Who is Riley Sorenson when he’s not going through hell? He’s a kid in a bouncer’s body, a video game enthusiast whose sorcery with a joystick has given him the nickname “The Wizard.” He speaks with intelligence and is relied upon by teammates whose computers need fixing.

Interviews with Sorenson go slower than with most other players because after hearing a question he pauses to consider the answer, then slowly addresses the query with nuance and context. He finds the humor in most subjects; he’s a good guy to talk to after a bad practice when most players and coaches are in bitter moods.

He applies the Cougars’ “play the next play” mantra to all walks of life, saying that he cannot dwell on tragedy because “You’ve got to weather the storms and get through them. You can’t be hung up on any one thing because then the next thing you do isn’t going to be as good.”

“He’s an incredibly mentally tough kid,” McGuire said. “We talk about football players and physical toughness and all the injuries they have to go through, but the biggest characteristic as a football player is mental toughness, and he’s really shown a ton of it.”

Sorenson’s younger brother will be a freshman at WSU this fall – he’s enrolling late after needing a patella and meniscus transplant following a kneecap injury. His younger sister will soon enroll at Boise State.

No need for chemo

Even after surgery, Sorenson still faced the prospect of chemotherapy. The intensive treatment would have kept him quarantined in hospital rooms away from his teammates and coaches, with nothing but his thoughts and the memories of time spent watching his parents in similar rooms to keep him company.

There would have been no worse way for Sorenson to cope with the loss of his parents. He has always used working out as a way to occupy his mind when things aren’t going well, and football fuses physical activity with his largest group of friends and supporters.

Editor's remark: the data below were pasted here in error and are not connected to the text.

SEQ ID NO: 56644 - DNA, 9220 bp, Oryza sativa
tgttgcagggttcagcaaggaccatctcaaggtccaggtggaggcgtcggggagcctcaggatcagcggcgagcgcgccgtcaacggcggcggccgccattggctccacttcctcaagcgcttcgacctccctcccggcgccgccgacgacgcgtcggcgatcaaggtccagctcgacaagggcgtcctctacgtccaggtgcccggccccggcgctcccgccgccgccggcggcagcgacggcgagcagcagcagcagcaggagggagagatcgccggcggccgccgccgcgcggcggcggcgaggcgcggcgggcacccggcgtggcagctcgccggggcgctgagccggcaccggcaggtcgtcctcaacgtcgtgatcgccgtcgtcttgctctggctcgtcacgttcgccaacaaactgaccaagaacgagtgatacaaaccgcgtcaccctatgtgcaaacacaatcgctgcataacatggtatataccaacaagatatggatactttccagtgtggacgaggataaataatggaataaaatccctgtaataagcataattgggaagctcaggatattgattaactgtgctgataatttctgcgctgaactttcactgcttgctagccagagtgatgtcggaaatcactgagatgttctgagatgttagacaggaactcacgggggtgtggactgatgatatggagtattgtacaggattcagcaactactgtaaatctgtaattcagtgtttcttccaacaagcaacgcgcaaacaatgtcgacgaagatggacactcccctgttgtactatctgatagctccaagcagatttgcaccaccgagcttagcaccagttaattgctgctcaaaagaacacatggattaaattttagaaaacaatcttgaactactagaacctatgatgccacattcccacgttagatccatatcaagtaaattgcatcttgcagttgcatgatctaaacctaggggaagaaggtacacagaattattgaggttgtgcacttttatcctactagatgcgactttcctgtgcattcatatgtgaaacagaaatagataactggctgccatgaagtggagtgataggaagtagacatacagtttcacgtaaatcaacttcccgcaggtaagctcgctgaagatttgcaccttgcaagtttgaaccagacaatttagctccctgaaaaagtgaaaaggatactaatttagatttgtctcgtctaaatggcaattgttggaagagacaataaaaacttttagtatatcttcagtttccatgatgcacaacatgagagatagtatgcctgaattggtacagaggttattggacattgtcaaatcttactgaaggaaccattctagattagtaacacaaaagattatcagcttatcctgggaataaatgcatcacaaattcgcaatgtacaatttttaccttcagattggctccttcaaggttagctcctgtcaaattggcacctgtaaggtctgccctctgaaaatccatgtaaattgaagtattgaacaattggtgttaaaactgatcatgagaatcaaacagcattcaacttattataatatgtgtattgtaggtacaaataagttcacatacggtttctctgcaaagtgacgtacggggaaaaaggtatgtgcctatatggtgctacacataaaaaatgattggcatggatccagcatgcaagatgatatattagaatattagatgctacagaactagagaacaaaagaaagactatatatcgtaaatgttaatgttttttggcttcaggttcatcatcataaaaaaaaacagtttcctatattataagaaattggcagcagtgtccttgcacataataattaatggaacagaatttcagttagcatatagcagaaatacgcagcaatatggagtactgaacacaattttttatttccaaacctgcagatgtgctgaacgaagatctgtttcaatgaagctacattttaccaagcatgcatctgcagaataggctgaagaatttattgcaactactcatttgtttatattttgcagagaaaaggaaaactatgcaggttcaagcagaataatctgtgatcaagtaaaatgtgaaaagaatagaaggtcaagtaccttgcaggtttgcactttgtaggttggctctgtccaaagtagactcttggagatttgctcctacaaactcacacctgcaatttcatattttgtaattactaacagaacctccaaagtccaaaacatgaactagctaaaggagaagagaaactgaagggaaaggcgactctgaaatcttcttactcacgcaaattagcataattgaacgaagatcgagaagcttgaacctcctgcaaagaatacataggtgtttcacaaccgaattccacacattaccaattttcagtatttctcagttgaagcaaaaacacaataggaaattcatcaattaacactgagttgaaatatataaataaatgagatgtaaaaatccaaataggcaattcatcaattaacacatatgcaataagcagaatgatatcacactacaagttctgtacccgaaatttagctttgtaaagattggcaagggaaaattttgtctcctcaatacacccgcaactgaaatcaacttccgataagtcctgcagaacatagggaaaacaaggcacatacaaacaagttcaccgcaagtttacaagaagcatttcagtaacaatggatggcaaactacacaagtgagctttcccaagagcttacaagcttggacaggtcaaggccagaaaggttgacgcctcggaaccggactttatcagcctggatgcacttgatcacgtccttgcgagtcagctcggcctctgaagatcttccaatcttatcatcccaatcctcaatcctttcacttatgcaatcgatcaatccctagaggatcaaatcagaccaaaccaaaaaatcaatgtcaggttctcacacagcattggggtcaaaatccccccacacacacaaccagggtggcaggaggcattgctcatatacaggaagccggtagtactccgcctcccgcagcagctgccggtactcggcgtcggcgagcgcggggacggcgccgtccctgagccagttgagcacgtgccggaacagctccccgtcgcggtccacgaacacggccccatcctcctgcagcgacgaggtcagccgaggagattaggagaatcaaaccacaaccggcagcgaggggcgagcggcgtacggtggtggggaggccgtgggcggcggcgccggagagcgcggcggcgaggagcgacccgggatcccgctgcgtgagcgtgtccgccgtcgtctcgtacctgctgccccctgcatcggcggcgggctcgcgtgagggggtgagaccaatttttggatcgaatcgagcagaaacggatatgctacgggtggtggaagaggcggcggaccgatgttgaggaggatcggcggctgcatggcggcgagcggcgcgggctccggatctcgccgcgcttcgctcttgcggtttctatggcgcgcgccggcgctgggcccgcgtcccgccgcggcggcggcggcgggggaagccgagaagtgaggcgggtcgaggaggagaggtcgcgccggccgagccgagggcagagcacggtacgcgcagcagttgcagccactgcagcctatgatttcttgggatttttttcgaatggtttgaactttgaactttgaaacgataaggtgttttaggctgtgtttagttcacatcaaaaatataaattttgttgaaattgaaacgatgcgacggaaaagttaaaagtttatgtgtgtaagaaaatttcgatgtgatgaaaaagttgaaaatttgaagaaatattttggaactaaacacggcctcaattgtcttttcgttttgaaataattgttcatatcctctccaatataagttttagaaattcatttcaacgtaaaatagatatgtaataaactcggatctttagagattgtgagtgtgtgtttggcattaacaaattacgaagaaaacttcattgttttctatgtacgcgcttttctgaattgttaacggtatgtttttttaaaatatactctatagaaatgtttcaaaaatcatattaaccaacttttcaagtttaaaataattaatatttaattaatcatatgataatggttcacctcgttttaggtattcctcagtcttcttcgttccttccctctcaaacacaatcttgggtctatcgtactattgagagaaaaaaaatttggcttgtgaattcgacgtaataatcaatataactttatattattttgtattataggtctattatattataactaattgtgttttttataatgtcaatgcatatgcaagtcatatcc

While he has been able to take his own health issues in stride, losing both parents in rapid succession has taken a toll.

“I was just starting to come to terms with my dad being gone and then my mom’s thing happened,” Sorenson said. “It was pretty bad. But even when it comes to something like that, everyone’s going to understand if you get hung up or need to take some time off. I feel like I’m pretty comfortable with it mentally. I’ve still got some stuff I need to think through, but I’m good to play, I’m good to be around people.”

Thanks to the diligence of the WSU medical staff, led by football trainer Andy Mutnan, Sorenson discovered the initial prognosis was incorrect. Just more than a week before the start of camp, Sorenson decided to forego chemotherapy.

“We ended up getting five opinions, essentially, to come up with his plan of care,” Mutnan said.

Mutnan prodded and needled his connections in the medical world so that Sorenson was able to see a top specialist in Seattle quickly, one who said that chemotherapy would not be necessary. Mutnan and Sorenson cross-checked those results with other specialists, and even the oncologist who initially said Sorenson would need chemotherapy agreed that the results of extensive tests and blood work showed it would not be necessary.

Sorenson was happy. His teammates were ecstatic.

“I found that out I think two days before camp,” right tackle Cole Madison said. “Me and River (Cracraft) were at dinner with Nick Begg, and River texted Riley and Riley said ‘The Wizard’s back. No chemo!’ We were all yelling and screaming and stuff. We were all damn near in tears.”

Although the surgery was successful and the indicators of cancer are receding, Sorenson is not entirely out of the woods yet. He will have to have blood taken every two months to monitor those indicators, and a CT scan every four months.

The past year should have been the best of Sorenson’s life, considering his personal success on the football field and that of his team. Instead, it was the worst.

Yet somehow, Sorenson is with his teammates, finding the willpower to not only get through each day, but to do it with the same breezy attitude he had when life was easy.

“I’ve had some hardships. I’ve been down,” Sorenson said. “But these guys will always be here to pick me back up.”